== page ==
React Higher-Order Components (HOCs)

 by Robin Wieruch
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Higher-Order Components in React, also known as HOCs, are an advanced component pattern in React (next to ). Higher-Order Components can be used for multiple use cases. I want to pick out one use case, the with Higher-Order Components, to give you two outcomes from this article as a learner.

  • First, it should teach you about React's Higher-Order Components with the use case of conditional rendering. Keep in mind, that altering the look of a component with a Higher-Order Component, specifically in the context of conditional rendering, is only one of several use cases to use HOCs. For instance, you could use them to opt-in local state or to alter props as well.

  • Second, even though you might already know HOCs, the article goes a bit further by composing Higher-Order Components in React and by applying functional programming principles. You will get to know how to use Higher-Order Components in an elegant way.

In order to learn about React Higher-Order Components, the article focuses on the use case of conditional rendering. A conditional rendering in React can be applied in multiple ways. You can use if-else statements, the ternary operator, or the logical && operator. You can read more about the different ways in another article about .

React Hooks vs Higher-Order Components

I have written over here . However, even in modern React I am an advocate of Higher-Order Components in React. While most developers say that React Hooks moved React more towards the direction of functional programming, I say it's quite the opposite. Higher-Order Components enable us to apply functional programming principles on components by embracing composition. React Hooks, in contrast, transformed pure (in the sense of functional programming) function components to stateful/side-effect burdened beasts.

Anyway, both have their right to exist. While React Hooks are the status quo for flavoring function components with implementation details (e.g. , ) from within, React Higher-Order Components flavor function (and class components) from the outside. HOCs are the perfect shield to protect a component before the actual component executes its implementation details (e.g. React Hooks) within. We will see in the following a specific use case where this holds true.

Higher-Order Components: Use Case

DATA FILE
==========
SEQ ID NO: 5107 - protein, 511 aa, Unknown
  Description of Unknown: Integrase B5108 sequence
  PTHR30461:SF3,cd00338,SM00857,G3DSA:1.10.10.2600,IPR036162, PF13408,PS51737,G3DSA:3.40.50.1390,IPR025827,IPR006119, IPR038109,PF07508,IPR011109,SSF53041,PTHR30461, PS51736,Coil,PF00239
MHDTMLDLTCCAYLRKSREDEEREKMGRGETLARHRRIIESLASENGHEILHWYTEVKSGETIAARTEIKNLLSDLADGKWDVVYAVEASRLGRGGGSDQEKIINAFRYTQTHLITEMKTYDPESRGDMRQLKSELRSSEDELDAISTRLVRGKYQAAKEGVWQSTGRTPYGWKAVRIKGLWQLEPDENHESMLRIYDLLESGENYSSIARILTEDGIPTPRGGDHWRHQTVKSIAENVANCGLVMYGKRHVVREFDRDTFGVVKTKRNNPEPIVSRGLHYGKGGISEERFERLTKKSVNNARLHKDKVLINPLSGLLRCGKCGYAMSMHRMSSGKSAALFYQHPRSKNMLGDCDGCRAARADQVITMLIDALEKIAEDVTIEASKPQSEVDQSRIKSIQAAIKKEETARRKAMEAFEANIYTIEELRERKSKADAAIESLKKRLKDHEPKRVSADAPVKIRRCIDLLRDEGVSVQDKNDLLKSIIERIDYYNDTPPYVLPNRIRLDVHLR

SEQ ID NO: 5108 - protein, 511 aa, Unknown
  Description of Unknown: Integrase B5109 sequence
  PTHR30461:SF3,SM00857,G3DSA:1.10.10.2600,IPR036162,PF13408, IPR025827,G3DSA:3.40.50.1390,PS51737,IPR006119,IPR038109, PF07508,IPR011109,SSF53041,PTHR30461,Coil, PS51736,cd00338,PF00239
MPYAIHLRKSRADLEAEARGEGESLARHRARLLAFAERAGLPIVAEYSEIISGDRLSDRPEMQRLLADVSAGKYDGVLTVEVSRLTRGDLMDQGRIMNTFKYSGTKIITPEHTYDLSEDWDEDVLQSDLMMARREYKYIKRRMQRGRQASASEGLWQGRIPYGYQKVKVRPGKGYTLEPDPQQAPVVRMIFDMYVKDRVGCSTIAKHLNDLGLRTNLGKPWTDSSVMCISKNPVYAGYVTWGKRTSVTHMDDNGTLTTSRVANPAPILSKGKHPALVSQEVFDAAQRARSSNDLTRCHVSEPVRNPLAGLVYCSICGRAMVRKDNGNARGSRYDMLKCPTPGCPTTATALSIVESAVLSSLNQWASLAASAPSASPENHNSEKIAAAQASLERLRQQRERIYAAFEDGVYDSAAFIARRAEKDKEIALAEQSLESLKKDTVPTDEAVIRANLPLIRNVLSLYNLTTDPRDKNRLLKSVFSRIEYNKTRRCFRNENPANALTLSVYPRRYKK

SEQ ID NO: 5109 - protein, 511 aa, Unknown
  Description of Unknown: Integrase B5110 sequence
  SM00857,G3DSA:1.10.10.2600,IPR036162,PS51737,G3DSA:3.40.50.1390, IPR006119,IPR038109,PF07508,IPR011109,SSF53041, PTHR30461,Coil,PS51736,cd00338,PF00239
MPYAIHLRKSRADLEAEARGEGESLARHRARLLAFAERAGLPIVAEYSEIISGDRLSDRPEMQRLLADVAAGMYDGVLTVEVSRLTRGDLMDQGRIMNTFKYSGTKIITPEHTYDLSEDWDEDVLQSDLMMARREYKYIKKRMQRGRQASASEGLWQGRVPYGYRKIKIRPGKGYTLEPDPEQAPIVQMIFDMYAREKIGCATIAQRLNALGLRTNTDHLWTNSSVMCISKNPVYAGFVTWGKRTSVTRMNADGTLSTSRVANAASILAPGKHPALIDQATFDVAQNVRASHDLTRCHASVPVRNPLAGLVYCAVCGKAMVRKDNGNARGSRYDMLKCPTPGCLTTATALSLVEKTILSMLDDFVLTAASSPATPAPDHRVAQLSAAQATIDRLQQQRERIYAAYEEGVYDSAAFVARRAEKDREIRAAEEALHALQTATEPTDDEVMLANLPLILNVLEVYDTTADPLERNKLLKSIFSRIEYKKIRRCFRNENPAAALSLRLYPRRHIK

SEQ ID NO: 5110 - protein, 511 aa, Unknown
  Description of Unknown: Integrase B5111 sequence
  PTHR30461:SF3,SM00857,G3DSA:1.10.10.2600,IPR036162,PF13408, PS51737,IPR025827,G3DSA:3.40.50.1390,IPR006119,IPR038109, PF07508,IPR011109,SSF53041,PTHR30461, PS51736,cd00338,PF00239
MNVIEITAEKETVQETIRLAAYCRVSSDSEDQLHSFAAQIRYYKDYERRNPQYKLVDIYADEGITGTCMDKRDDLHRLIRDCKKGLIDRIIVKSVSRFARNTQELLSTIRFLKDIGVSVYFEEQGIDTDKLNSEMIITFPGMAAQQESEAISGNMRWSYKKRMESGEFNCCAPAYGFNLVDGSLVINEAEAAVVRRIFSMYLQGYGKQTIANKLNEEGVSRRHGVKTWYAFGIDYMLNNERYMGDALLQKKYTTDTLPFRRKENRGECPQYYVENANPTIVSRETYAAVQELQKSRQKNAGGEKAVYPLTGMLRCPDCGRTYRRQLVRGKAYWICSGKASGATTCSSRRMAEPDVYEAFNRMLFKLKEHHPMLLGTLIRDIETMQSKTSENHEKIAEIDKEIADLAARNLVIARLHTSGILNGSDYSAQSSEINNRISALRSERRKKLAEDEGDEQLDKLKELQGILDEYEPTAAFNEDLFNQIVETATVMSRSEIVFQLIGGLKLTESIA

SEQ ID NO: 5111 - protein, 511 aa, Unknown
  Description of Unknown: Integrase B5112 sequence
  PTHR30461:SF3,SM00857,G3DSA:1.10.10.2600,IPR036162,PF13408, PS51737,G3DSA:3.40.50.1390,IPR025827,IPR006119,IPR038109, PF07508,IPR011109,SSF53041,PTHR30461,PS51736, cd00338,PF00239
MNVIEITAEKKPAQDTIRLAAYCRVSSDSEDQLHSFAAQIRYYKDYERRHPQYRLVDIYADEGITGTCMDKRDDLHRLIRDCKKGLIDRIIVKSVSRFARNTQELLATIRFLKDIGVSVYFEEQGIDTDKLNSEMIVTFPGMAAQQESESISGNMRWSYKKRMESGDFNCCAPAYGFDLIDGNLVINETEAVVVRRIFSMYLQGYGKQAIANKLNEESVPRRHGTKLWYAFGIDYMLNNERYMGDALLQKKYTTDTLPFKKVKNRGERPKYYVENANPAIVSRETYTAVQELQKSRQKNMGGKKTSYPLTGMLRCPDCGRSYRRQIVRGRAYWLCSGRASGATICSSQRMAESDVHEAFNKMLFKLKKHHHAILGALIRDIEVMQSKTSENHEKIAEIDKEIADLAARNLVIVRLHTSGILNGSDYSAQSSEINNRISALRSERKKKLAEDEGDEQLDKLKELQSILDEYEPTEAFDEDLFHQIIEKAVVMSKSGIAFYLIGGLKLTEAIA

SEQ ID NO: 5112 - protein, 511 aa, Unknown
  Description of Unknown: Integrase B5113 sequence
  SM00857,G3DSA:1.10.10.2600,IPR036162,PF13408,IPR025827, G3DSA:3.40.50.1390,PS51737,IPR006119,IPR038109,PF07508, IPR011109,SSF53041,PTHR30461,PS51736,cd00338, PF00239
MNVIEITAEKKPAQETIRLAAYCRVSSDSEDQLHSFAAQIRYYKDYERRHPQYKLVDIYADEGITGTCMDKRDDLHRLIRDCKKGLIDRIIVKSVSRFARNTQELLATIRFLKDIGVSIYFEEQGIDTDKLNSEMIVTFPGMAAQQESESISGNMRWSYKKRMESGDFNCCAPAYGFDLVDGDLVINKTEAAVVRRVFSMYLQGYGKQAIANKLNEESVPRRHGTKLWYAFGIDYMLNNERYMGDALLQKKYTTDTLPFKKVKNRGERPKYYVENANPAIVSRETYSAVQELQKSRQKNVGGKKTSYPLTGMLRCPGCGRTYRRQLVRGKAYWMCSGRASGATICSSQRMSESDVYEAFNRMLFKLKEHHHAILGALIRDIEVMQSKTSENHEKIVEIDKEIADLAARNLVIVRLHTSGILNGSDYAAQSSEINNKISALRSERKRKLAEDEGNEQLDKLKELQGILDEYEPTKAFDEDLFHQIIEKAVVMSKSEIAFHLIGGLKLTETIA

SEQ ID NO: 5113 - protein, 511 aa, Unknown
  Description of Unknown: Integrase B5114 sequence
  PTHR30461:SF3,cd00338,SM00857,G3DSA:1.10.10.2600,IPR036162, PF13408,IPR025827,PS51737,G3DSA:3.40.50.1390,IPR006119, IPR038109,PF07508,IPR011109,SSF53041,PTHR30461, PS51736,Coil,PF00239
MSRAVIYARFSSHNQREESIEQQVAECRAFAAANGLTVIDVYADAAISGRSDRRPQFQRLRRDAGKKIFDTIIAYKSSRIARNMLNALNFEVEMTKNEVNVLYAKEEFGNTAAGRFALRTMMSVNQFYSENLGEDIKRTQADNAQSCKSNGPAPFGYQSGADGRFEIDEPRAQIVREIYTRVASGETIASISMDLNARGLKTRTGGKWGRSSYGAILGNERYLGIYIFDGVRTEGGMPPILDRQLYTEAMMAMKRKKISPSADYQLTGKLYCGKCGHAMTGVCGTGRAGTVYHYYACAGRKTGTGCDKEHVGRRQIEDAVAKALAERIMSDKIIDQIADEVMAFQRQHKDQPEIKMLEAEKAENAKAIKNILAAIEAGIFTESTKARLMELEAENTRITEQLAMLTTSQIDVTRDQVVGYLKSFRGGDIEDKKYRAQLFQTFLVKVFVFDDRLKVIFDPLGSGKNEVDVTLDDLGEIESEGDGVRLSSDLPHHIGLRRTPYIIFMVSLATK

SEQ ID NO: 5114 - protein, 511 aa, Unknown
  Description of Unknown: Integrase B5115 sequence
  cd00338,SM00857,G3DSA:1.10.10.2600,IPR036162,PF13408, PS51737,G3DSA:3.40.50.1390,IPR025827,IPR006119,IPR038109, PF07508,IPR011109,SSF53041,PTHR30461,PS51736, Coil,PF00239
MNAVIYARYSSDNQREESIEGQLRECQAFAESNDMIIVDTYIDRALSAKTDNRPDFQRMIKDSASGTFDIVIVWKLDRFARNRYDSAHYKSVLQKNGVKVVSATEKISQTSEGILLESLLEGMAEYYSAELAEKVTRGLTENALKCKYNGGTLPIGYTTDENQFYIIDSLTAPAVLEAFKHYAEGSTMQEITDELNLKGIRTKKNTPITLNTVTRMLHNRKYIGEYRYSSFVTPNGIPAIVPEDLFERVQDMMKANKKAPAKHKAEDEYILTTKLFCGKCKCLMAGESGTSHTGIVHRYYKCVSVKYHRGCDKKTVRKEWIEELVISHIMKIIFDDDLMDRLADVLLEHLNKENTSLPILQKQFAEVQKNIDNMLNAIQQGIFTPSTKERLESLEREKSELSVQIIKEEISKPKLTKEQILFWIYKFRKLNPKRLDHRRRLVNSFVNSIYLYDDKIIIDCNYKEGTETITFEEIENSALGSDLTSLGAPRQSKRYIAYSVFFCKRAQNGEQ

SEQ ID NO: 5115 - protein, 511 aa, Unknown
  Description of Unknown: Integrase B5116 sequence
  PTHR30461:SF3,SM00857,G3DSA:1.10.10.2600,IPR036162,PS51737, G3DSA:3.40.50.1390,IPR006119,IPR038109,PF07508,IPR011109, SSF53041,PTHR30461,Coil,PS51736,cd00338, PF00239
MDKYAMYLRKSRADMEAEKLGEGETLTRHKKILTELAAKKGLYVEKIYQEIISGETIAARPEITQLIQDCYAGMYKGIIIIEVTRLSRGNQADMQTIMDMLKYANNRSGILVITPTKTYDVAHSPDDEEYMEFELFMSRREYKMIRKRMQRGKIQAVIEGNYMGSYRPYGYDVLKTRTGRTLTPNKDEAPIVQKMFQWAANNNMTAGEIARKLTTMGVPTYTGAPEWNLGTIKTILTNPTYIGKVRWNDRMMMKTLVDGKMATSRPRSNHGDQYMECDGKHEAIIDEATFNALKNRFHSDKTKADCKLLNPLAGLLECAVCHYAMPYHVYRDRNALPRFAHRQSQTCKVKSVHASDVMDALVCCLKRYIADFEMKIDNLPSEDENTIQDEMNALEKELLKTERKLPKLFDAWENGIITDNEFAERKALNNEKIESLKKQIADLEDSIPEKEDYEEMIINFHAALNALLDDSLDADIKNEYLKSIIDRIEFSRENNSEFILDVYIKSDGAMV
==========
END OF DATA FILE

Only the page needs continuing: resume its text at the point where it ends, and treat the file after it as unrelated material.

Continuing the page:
We will start with a problem where Higher-Order Components in React can be used as a solution. Let's have a list component as in React which is just there to render a list of items. The receives its data from the App component:

import * as React from 'react';
const TODOS = [
{ id: '1', task: 'Do this', completed: true },
{ id: '2', task: 'Do that', completed: false },
];
const App = () => {
return <TodoList data={TODOS} />;
};
const TodoList = ({ data }) => {
return (
<ul>
{data.map((item) => (
<TodoItem key={item.id} item={item} />
))}
</ul>
);
};
const TodoItem = ({ item }) => {
return (
<li>
{item.task} {item.completed.toString()}
</li>
);
};
export default App;

In a real world application this from a remote API though. The following function for keeping the example at stake lightweight. However, just think of fetchData() as a blackbox function which returns data eventually:

const TODOS = [
{ id: '1', task: 'Do this', completed: true },
{ id: '2', task: 'Do that', completed: false },
];
const fetchData = () => {
return { data: TODOS };
};
const App = () => {
const { data } = fetchData();
return <TodoList data={data} />;
};

The application renders the list with its items. But most often that's not sufficient, because you have to bother with all the edge cases. What are these edge cases I am speaking about?

First, what happens if your data is null before it got fetched asynchronsouly from the API? You would apply a conditional rendering to opt-out earlier from your rendering:

const fetchData = () => {
return { data: null };
};
const App = () => {
const { data } = fetchData();
if (!data) return <div>No data loaded yet.</div>;
return <TodoList data={data} />;
};

Second, what happens if your data is not null but empty? You would show a message in a conditional rendering to give your user feedback for an improved user experience (UX):

const fetchData = () => {
return { data: [] };
};
const App = () => {
const { data } = fetchData();
if (!data) return <div>No data loaded yet.</div>;
if (!data.length) return <div>Data is empty.</div>;
return <TodoList data={data} />;
};